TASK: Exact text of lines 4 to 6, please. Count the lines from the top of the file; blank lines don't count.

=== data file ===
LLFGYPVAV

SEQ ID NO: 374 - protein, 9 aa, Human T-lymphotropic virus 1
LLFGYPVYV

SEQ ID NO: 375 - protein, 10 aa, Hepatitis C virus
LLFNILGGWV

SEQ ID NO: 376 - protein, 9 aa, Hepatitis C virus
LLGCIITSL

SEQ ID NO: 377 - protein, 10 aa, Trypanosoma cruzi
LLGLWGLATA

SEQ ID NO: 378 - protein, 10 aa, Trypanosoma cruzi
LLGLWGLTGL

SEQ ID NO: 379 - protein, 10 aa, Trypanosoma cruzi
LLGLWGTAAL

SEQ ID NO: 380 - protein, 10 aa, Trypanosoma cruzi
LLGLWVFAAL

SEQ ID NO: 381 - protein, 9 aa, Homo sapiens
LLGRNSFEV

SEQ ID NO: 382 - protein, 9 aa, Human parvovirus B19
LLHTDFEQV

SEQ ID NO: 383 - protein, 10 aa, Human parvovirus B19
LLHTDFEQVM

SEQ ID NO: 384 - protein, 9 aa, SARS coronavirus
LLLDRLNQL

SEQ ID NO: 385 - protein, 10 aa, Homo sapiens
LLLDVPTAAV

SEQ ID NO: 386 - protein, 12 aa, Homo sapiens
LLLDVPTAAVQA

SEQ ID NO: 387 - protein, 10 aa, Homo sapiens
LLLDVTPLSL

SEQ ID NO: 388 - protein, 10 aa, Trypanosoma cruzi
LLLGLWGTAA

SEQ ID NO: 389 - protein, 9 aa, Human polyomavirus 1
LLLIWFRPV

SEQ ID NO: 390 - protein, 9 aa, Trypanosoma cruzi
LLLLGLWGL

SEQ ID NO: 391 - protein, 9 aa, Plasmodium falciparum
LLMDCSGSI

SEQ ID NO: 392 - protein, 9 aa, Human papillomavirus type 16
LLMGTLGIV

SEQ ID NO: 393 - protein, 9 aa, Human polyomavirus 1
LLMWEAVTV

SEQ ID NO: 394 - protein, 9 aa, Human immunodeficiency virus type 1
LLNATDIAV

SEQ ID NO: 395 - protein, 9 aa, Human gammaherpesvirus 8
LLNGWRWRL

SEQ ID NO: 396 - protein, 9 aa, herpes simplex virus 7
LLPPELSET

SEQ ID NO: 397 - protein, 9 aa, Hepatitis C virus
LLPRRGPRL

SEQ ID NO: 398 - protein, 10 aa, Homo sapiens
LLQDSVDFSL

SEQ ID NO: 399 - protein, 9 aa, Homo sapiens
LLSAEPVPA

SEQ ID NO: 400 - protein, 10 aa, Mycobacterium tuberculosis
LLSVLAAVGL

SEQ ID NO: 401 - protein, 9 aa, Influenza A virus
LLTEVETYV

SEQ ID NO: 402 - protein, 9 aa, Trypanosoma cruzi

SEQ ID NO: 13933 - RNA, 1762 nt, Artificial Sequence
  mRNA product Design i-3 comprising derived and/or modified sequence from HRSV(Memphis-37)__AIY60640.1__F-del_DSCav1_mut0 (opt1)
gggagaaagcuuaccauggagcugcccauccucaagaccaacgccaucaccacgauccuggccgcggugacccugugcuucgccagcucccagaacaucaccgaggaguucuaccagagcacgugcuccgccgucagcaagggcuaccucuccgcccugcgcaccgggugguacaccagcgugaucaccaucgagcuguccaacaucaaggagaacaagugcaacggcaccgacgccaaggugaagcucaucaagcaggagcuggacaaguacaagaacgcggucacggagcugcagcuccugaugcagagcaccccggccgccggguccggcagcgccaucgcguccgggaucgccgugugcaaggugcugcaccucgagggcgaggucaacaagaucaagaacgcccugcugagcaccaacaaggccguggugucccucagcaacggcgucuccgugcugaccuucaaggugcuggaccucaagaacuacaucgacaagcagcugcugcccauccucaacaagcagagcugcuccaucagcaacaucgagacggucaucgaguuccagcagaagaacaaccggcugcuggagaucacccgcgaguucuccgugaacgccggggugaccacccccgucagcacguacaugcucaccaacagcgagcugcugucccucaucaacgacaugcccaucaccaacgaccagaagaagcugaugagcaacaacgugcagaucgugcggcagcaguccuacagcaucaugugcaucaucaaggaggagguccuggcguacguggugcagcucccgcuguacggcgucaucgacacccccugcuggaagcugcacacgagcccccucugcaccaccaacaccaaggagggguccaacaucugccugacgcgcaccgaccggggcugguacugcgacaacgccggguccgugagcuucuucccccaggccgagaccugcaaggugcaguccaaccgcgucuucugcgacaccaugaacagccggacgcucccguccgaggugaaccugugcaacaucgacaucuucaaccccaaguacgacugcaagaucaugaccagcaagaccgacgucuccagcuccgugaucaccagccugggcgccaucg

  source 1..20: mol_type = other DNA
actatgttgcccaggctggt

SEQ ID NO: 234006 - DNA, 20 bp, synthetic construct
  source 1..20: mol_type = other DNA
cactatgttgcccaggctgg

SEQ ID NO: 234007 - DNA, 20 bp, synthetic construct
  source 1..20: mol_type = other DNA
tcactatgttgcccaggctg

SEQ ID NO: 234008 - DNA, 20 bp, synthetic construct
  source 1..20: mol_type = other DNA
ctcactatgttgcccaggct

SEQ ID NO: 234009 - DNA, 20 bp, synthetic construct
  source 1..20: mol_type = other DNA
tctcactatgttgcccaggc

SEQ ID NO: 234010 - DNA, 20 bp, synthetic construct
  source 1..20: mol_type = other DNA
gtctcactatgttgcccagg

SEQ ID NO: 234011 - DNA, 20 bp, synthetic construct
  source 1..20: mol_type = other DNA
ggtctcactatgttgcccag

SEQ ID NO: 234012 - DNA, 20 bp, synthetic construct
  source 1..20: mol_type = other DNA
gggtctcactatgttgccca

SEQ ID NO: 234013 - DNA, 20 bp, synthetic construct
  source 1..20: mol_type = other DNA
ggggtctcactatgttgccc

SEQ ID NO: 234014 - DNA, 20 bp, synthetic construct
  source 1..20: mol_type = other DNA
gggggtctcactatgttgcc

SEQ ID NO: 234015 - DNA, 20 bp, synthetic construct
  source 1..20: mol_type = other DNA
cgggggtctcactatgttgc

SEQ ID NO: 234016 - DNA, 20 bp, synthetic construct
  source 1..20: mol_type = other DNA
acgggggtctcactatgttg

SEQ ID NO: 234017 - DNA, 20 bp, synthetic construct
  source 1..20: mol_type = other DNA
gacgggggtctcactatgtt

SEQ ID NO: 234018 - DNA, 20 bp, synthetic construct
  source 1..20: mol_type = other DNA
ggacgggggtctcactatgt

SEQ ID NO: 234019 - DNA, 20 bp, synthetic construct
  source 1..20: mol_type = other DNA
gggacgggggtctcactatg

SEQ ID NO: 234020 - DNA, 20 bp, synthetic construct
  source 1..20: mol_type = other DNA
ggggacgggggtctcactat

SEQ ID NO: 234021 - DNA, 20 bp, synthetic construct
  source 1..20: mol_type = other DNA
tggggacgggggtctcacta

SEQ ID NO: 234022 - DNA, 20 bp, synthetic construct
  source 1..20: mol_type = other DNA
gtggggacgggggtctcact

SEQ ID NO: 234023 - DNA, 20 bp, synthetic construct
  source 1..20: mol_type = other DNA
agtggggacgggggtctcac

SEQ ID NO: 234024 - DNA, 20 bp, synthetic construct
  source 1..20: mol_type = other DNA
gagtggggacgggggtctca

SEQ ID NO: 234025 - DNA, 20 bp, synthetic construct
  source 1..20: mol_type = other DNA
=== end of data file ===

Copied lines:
SEQ ID NO: 375 - protein, 10 aa, Hepatitis C virus
LLFNILGGWV

SEQ ID NO: 376 - protein, 9 aa, Hepatitis C virus